I am finally able to demonstrate direct jamod control of Ifos.
Now that I’ve switched to GPUTILS from MPLAB, makefiles have re-entered my life. I’ve always hated writing them, the last time being five or six years ago for BREW projects, an atavism not unlike my recent return to assembler. As I sat down to write three new ones (and they’re about as straightforward as makefiles get), all the unpleasantness came flooding back to me. Forgettable macros, single stems, arcane completion rules—I thought about documenting my innumerable complaints, but found someone had already summarized them perfectly.
Up to now I’ve been controlling my Ifos slaves with a simple Modbus master I wrote in Ruby. In preparation for the move to TINI, though, I thought I’d better investigate Modbus master code actually capable of running there. jamod is the logical first choice, since it’s Java-based and fairly mature. TINI runs Java, and if jamod complies with the Modbus application protocol specification, everything should just work.
Here's my super-effective Ifos development workspace. It's a temporary solution, having no other place to put the new iMac. (I think Angie was a little dismayed that we needed another computer... Let's see, there's the office desktop, my laptop, my netbook, her laptop, her studio workstation, my workshop workstation, and now an iMac. What's the problem?)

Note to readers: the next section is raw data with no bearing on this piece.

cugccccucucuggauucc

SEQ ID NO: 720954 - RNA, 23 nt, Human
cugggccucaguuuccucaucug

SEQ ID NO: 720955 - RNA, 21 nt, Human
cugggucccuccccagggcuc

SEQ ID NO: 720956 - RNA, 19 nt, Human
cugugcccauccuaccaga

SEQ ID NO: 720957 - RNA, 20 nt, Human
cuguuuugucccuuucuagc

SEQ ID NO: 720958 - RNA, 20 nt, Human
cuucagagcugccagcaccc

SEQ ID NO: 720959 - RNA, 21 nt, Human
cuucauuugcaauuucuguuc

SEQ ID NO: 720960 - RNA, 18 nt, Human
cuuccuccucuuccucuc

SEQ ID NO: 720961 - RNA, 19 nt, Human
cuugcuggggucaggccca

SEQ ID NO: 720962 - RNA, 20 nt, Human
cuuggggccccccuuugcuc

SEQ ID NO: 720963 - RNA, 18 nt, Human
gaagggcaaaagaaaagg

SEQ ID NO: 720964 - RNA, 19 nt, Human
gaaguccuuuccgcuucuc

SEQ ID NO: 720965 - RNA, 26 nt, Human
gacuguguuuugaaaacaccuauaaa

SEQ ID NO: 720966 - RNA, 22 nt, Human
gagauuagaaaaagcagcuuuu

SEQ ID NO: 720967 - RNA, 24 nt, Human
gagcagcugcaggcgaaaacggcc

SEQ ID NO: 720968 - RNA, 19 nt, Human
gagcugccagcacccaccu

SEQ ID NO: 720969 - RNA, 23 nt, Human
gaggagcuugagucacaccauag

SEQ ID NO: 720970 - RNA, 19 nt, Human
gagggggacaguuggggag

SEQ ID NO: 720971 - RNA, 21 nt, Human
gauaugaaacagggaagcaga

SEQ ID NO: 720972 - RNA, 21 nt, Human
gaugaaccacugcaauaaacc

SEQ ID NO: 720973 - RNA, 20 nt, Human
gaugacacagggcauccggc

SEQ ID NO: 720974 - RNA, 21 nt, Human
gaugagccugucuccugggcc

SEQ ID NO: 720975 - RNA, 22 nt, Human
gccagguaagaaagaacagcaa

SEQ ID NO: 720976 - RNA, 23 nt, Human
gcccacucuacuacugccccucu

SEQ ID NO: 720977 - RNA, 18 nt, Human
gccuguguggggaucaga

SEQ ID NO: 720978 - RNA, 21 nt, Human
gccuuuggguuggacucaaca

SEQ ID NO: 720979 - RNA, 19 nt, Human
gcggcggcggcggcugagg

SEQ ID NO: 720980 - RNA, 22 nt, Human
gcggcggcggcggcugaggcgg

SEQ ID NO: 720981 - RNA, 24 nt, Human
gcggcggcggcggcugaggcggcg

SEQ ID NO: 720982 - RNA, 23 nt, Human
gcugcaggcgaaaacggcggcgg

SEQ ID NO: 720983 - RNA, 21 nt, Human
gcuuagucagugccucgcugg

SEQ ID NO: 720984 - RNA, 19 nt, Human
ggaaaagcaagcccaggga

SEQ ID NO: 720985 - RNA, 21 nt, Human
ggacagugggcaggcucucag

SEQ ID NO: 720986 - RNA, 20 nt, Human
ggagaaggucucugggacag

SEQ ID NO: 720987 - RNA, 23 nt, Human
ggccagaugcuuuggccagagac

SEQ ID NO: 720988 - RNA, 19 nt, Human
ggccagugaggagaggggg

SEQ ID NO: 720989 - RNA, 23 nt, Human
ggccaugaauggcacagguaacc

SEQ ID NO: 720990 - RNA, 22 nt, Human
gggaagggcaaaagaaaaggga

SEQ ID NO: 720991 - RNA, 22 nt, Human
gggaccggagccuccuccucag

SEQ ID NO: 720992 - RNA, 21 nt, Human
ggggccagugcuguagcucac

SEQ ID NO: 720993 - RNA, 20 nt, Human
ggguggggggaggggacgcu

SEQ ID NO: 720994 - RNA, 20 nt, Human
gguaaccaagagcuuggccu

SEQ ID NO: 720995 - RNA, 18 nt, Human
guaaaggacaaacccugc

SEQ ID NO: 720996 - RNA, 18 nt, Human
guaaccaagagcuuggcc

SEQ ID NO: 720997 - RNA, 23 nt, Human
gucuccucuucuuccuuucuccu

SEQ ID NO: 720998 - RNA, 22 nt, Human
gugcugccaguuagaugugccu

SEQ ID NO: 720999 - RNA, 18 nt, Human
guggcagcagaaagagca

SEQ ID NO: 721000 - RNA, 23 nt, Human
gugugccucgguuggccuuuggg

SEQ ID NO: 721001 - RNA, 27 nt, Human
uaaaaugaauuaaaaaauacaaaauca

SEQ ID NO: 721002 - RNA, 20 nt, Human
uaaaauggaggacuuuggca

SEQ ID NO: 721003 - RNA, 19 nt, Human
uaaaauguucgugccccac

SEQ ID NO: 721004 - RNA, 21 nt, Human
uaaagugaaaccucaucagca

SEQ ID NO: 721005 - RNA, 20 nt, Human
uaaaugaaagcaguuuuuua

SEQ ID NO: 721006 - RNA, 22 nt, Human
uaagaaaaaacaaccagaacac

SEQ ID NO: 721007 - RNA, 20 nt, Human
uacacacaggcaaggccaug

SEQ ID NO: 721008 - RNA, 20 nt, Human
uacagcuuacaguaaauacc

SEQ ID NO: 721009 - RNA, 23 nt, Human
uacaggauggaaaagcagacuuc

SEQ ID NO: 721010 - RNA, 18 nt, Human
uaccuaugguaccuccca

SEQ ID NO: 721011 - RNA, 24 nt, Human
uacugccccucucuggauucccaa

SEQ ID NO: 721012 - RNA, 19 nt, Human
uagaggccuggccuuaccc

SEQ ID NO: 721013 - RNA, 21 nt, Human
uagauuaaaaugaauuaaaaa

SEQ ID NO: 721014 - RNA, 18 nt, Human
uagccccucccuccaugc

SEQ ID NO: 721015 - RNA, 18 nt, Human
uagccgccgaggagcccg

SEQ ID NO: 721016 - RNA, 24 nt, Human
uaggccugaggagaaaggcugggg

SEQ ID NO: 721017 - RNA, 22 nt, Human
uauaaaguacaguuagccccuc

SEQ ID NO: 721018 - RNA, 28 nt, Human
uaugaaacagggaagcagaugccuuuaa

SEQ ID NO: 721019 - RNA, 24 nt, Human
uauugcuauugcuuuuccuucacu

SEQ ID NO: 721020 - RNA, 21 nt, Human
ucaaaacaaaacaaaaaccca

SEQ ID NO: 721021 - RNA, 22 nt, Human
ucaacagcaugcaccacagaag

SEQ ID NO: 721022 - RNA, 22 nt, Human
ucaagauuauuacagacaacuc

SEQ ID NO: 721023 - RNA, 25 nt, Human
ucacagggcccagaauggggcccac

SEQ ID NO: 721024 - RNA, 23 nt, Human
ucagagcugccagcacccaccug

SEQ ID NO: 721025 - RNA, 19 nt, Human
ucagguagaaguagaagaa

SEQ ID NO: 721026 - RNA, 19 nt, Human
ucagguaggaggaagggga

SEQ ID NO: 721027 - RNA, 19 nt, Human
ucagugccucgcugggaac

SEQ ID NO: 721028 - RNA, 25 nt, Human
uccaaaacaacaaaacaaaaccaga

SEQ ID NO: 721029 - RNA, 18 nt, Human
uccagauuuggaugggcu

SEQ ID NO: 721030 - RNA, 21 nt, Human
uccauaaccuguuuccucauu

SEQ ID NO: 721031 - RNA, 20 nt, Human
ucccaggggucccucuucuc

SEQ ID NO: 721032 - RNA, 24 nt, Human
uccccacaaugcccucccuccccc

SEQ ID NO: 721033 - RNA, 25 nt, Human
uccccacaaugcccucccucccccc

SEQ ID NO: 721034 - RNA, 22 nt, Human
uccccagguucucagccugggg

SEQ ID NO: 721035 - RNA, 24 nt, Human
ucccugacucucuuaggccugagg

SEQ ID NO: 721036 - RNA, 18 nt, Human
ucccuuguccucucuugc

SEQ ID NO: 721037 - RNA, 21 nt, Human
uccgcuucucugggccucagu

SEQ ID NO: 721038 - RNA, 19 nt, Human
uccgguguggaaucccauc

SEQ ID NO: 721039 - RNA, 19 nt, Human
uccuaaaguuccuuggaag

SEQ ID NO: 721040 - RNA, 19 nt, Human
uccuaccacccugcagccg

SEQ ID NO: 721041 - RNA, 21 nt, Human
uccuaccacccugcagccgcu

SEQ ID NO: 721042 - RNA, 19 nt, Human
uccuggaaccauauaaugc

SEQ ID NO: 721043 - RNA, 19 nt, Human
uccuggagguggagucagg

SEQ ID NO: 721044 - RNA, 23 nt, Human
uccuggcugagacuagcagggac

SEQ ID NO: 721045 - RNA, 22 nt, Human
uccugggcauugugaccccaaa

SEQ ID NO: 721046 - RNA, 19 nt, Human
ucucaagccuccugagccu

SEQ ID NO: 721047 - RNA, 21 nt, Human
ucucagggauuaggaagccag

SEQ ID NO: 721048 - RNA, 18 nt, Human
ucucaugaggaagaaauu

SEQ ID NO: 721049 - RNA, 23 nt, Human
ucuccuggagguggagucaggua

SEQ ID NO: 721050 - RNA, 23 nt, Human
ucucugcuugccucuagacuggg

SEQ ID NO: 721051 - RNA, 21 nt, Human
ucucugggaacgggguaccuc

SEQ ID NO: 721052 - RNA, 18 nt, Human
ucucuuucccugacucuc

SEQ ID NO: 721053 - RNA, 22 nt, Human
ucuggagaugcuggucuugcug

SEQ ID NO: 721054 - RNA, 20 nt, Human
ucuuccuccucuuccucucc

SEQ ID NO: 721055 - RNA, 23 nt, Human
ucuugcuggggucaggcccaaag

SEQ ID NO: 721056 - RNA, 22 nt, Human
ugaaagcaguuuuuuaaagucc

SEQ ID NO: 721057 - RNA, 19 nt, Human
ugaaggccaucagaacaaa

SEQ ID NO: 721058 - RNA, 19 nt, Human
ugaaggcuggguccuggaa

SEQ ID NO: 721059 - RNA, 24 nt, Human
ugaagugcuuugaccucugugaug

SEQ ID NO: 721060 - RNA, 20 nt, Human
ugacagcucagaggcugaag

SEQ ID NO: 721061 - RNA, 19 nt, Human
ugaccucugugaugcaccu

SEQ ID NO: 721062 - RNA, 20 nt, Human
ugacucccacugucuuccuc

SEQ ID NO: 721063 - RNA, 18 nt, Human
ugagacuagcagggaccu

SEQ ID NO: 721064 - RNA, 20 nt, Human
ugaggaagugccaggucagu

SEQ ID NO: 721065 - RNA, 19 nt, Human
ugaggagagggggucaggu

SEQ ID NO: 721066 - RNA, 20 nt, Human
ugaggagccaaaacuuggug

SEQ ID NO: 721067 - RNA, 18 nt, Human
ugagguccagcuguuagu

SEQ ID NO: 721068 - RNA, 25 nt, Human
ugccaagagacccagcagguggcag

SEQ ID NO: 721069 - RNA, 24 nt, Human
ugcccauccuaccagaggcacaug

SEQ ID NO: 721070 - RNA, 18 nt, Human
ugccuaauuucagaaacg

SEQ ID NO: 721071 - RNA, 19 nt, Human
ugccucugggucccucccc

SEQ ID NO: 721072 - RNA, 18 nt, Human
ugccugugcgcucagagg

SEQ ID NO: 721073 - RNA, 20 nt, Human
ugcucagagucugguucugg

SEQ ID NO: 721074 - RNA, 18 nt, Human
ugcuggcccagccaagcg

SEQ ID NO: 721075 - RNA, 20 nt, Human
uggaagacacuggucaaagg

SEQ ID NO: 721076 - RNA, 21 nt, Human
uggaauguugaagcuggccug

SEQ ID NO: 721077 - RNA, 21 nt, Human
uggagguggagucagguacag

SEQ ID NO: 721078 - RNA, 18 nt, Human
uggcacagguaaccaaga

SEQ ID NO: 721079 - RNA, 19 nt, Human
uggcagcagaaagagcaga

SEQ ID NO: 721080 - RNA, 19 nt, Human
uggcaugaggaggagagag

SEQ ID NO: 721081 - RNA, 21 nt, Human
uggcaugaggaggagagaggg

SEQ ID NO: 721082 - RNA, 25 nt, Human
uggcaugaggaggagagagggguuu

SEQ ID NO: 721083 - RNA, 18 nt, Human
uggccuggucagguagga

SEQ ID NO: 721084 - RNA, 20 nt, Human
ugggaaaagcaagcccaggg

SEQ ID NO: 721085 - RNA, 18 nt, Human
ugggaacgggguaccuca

For the projects I work on these days, switching to a Mac OS X-based development environment has been mostly painless. Eagle works, Java and Ruby are essentially cross-platform, and there’s always Unix just under the covers. It’s the hardware tools that have been difficult to migrate, mostly related to PIC assembly and programming.
On the PC, I’ve been using MPLAB for PIC code development and simulation, but that program isn’t available on the Macintosh. Luckily, GPUTILS is a stellar alternative that runs on Mac OS X. I ran into only a couple of issues in switching over.
More progress on my Mac development path migration: I can now control Ifos slaves from my iMac. This is the culmination of a few related successes, and means
Related, but not specifically required for basic Ifos control via Modbus/Ruby:
Here's a short video of Ifos running a hardware check. The LEDs are intensely bright, so it probably would have been better not to shoot them straight-on, but the basic operation is still obvious.
Since my Ifos project relies on Modbus over RS485, I needed a simple way to interface to an RS485 network from my PC during development. Here's a simple single-chip converter based on the MAX3162. A DB-9F connects to the serial port on the PC, while the RS485 bus is accessed via an RJ-45 connector.
Here's a tiny Modbus master in Ruby that supports ASCII and RTU modes for all function (and subfunction) codes defined in the MODBUS Application Protocol Specification V1.1b. (Joachim Wuttke has published a similar version that handles TCP.) Serial port handling in Ruby is provided by Guillaume Pierronnet's Ruby/SerialPort code.
Finally tracked down the source of my RS-485 communication problems, manifested by slave responses containing spurious characters, dropped entirely, or garbled beyond recognition. Server commands were always fine; data was complete and checksummed correctly. The source of the problem came down to one fundamental issue, exacerbated by a silly wiring mistake.